Again we have to address the question of context for the movie. Turin’s tale is, in some ways, bigger than that of Beren and Luthien. It spans the entire life of the eponymous character instead of a just a few months or years and it roams across Middle Earth’s First Age kingdoms. Perhaps some narrative work would need to be done to explain these kingdoms and how they fit together, but surely no more than was done in service of explaining Rohan and Gondor in the ‘Lord of the Rings’ movies, or Rivendell and Lothlorien for that matter. A Turin Turambar movie could even build on the Beren and Luthien movie, carrying over some characters from King Thingol’s court perhaps. The two films would not fit together like parts of a trilogy, but just as Marvel introduced characters in one movie and carried them over in others, each of these two films could help flesh out the others. Together they help build the background of a world nearly enslaved by Morgoth and his minions and the desperate, sorrowful struggles against him.
On the Fall of Gondolin, the Voyage of Earendill, and All the RestThe two stories above account for only two of the twenty-four chapters that make up the bulk of The Silmarillion. Not every chapter in the book would make for a good movie- the chapter where King Thingol first meets his wife Melian and stands holding her hand like a statue in the woods for unnumbered years would make for a particularly dull affair on screen- but there are several others that could work very well. And each one could serve as another piece of the larger franchise, pushing us toward the various bigger, grander chapters that tell chunks of the great war between the Dark Lord and the Free People. Anyone who has read The Silmarillion wants to see the Battle of Sudden Flame or the Fall of Gondolin on screen; these are battles that dwarf (no pun intended) everything seen in the ‘Lord of the Rings’ by several orders of magnitude. Just as each solo Marvel movie whets the thirst for the epic throwdown of another Avengers movie, each ‘Silmarillion’ movie should make the audience hunger for a piece of the War writ large. So where to begin? Does the first film inspired by The Silmarillion need to be the first story chronologically? Should it begin with Morgoth and the Silmarils? With the prideful Feanor, creator of the gems, rebelling against the angelic Valar and leading the Elves out of the Blessed Realm in pursuit of the Dark Lord? That would be an epic movie no doubt, but I don’t believe it is best served by being the first. Take a risk and let the audience be thrown into the midst of the world with the story of Beren and Luthien. All the darkness and sorrow of the The Silmarillion is there but also a lot of fun and beauty and victory, and it would be all the more engrossing for being unknown. We had no idea what the rules and history of the Star Wars universe was when we started, but that didn’t prevent us from falling in love with it. The other advantage, from a business sense, is that the Beren and Luthien story has a distinct ending; you can make that movie without committing yourself to any other films. It is great for testing the waters, whereas if you started with the War, you become obligated to continue that story. A failed stand-alone movie does little to hurt the overall franchise- The Incredible Hulk did nothing to stop The Avengers from raking in buckets of cash- but a failure of the first movie in a trilogy can have nasty repercussions- just look at the Golden Compass which so clearly did not lead to a His Dark Materials trilogy that it promised.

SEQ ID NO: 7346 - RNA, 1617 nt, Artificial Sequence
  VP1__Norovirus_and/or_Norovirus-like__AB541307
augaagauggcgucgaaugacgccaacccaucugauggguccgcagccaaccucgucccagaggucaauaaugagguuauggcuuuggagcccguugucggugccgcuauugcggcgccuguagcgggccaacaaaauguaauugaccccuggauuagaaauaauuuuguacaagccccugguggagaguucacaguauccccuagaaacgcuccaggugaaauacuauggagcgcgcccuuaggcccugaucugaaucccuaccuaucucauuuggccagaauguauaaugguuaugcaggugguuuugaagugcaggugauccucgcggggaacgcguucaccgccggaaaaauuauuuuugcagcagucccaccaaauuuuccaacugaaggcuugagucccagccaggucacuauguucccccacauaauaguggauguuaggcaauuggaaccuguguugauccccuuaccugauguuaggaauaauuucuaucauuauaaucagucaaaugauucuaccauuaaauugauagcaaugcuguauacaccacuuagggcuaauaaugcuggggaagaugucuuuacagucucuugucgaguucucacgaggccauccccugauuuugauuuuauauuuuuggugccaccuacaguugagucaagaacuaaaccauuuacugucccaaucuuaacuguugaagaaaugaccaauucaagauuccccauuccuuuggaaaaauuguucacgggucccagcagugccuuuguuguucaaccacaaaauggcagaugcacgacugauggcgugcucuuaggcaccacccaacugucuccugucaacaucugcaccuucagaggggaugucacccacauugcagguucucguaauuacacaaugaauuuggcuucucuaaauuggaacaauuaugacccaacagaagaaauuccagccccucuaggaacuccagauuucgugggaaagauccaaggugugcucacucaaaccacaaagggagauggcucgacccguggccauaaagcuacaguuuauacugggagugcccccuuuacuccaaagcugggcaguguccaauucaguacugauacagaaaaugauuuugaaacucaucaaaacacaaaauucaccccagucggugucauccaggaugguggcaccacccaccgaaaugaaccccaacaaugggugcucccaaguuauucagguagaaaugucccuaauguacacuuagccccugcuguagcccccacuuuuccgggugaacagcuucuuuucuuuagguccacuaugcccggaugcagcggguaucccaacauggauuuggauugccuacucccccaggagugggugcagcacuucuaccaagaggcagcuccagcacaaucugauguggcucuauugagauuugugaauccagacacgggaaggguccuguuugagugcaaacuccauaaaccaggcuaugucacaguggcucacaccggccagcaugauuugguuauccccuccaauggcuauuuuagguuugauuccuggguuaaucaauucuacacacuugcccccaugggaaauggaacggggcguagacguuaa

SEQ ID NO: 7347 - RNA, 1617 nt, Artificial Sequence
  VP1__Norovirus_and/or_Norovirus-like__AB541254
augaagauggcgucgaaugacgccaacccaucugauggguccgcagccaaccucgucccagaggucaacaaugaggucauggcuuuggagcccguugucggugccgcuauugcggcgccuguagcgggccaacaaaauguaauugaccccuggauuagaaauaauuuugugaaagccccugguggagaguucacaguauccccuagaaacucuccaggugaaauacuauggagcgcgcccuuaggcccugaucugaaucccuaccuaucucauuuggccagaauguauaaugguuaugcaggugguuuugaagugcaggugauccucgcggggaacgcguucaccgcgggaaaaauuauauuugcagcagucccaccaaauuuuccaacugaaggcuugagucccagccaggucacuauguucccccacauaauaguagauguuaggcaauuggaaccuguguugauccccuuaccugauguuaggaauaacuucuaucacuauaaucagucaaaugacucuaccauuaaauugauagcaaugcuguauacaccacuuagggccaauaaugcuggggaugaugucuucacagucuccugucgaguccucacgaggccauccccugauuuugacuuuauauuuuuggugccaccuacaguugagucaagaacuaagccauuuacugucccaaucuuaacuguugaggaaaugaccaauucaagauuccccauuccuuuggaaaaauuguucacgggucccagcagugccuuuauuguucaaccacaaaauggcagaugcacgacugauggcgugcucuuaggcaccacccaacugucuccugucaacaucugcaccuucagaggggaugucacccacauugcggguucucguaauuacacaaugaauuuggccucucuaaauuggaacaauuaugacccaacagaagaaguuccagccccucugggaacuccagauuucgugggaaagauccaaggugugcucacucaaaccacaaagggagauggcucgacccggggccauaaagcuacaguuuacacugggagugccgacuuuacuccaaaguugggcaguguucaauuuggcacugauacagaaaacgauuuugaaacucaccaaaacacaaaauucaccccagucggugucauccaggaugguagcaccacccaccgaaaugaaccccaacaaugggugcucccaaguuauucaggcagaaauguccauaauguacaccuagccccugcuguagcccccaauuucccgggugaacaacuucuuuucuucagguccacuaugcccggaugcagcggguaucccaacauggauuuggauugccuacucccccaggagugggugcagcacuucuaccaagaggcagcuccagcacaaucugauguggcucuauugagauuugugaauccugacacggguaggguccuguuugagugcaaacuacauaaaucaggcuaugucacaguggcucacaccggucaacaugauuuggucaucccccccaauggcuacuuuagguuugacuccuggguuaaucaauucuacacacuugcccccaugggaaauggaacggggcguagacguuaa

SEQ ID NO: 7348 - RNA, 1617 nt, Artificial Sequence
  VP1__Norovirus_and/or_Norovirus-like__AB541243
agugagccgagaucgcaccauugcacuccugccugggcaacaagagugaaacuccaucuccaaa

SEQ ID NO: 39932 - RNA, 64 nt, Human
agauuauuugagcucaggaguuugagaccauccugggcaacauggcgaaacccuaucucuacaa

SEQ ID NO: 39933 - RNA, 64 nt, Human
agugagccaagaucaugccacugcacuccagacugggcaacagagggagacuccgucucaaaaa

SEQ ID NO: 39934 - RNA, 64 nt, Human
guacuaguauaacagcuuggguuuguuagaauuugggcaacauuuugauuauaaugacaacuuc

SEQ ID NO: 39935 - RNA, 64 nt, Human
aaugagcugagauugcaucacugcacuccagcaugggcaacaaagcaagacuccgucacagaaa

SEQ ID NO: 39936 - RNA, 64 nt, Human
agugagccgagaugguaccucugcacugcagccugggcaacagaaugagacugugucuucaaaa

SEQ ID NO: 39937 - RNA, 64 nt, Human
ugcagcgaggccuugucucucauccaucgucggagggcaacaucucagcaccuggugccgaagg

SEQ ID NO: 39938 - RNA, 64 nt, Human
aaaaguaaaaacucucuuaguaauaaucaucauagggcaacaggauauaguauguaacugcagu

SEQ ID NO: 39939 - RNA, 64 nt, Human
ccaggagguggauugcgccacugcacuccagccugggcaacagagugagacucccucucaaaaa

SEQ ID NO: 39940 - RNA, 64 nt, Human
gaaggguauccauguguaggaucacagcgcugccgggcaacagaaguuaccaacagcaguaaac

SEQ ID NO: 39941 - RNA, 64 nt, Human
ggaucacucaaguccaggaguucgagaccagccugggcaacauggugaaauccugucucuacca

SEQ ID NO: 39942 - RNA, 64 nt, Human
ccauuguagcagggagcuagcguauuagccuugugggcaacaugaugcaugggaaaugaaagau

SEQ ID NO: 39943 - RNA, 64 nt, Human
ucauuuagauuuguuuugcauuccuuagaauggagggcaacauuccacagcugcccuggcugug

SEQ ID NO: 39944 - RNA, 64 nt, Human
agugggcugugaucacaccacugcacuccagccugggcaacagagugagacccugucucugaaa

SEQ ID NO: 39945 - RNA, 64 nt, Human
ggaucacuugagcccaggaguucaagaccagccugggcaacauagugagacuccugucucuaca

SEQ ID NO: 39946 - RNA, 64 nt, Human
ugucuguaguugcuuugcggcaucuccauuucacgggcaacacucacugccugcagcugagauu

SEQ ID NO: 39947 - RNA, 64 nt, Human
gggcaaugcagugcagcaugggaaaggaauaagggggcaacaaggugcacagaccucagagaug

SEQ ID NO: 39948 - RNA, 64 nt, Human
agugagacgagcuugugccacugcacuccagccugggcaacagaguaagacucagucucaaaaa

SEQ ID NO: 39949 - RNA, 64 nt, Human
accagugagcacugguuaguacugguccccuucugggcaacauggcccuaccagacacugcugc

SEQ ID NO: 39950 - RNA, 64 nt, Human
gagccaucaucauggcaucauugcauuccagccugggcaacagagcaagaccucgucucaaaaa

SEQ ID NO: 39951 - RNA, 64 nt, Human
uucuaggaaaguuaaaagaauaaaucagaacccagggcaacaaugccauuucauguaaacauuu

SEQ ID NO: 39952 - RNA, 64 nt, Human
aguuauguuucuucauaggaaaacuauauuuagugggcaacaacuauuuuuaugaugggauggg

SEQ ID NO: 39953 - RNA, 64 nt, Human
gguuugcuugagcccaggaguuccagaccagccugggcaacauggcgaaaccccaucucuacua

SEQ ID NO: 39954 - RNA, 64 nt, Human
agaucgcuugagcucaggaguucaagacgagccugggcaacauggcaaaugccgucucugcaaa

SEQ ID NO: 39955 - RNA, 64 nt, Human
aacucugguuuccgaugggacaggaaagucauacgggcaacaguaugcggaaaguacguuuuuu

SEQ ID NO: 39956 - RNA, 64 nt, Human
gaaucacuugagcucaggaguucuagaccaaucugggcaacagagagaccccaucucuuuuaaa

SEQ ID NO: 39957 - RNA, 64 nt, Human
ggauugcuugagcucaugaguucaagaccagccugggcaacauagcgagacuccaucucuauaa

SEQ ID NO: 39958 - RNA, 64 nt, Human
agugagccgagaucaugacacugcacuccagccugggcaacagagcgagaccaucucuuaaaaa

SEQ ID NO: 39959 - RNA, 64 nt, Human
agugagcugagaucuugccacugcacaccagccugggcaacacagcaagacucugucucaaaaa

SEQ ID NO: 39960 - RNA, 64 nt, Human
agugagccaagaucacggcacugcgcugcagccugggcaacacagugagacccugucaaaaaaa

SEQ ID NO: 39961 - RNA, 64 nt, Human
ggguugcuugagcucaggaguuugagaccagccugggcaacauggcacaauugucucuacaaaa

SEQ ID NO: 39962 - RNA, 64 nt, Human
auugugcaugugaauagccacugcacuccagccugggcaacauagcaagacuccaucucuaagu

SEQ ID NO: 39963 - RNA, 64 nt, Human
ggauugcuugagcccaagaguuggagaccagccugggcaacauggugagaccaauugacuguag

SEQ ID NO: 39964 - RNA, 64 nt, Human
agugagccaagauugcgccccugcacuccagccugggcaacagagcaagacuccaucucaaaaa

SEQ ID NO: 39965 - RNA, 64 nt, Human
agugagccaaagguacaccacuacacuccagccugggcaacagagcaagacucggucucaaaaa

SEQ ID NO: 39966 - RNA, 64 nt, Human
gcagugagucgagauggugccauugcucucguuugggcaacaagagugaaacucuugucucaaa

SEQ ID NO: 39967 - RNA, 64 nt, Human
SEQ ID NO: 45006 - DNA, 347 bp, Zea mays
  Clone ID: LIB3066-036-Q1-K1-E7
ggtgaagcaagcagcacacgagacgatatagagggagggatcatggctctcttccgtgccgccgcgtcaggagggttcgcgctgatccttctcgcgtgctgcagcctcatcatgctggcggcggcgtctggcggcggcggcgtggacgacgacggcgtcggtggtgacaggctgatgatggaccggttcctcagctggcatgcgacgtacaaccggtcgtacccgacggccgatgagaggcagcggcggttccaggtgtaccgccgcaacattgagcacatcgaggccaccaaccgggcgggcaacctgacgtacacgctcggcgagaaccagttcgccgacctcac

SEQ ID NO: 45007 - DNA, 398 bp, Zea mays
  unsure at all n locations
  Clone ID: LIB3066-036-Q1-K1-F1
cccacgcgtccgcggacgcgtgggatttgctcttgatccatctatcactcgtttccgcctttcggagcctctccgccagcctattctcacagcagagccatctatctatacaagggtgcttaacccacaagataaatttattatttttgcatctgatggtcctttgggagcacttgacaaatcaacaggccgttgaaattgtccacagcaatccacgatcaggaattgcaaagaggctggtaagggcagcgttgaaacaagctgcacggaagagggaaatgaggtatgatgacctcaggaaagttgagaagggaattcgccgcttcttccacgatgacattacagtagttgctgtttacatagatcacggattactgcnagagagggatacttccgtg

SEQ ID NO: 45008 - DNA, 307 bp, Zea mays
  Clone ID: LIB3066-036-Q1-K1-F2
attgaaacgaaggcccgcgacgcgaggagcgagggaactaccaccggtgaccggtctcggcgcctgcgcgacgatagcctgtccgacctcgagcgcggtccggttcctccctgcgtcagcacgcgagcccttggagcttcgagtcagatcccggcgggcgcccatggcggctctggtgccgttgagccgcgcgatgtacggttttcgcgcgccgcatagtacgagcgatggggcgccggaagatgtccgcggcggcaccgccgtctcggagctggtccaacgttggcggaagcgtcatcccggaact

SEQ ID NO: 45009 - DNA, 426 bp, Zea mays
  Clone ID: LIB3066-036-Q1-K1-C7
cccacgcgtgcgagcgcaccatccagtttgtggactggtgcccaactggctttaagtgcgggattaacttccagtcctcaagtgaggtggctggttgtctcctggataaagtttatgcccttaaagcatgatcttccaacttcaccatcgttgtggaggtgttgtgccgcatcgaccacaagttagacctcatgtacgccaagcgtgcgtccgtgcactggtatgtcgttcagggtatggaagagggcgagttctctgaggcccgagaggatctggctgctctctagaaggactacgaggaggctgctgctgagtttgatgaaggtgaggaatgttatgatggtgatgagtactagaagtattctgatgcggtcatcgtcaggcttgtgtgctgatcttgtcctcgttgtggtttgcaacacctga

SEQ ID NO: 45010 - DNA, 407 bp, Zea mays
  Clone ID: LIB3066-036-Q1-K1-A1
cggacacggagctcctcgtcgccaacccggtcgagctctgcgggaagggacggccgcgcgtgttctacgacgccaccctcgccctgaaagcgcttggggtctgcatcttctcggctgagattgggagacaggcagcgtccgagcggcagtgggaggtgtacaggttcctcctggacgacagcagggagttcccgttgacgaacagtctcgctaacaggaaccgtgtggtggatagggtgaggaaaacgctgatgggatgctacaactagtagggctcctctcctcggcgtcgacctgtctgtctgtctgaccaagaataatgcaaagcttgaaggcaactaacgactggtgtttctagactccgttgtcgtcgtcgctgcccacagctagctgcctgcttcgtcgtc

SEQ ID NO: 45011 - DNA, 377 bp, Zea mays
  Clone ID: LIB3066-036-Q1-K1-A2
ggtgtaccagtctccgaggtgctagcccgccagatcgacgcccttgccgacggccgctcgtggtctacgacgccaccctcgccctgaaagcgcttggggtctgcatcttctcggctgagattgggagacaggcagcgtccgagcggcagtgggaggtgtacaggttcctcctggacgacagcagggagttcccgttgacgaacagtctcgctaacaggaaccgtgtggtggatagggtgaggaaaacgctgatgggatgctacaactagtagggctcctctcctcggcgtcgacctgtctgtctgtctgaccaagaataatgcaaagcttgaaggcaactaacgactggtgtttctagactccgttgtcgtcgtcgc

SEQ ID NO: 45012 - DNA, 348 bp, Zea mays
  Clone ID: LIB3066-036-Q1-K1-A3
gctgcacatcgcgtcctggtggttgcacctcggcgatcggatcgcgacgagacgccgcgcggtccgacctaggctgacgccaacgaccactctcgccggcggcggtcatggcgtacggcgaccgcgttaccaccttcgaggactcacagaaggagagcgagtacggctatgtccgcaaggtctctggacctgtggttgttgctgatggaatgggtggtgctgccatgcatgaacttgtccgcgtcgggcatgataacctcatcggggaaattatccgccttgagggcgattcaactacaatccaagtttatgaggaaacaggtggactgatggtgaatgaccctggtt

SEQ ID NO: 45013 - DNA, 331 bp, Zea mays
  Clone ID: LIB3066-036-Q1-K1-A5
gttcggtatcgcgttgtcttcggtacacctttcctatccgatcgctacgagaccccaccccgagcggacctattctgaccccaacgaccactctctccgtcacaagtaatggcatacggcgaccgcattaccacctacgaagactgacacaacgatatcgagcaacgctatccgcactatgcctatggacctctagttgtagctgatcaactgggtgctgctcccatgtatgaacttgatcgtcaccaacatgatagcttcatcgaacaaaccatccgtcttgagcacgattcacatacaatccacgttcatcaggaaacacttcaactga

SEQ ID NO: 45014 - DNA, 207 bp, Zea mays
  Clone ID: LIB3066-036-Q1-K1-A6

The studios involved with the Tolkien property are not likely to give up the cash machine they’ve developed. Once they’ve finished mining The Hobbit, they’ll need a new place to turn to. That should be the epic span of stories contained within The Silmarillion. There are at least a dozen movies that could be spun out of it, each with its own challenges and rewards for bringing to the big screen. Done correctly, New Line and Warner Bros. could find themselves with a mega-franchise that rivals Marvel and Star Wars in money-making potential and creative breadth. As a fan of cinema I would love to see these stories told and as a fan of Tolkien I want even more to see them treated in the way they deserve. Now, does anyone have Del Toro’s phone number?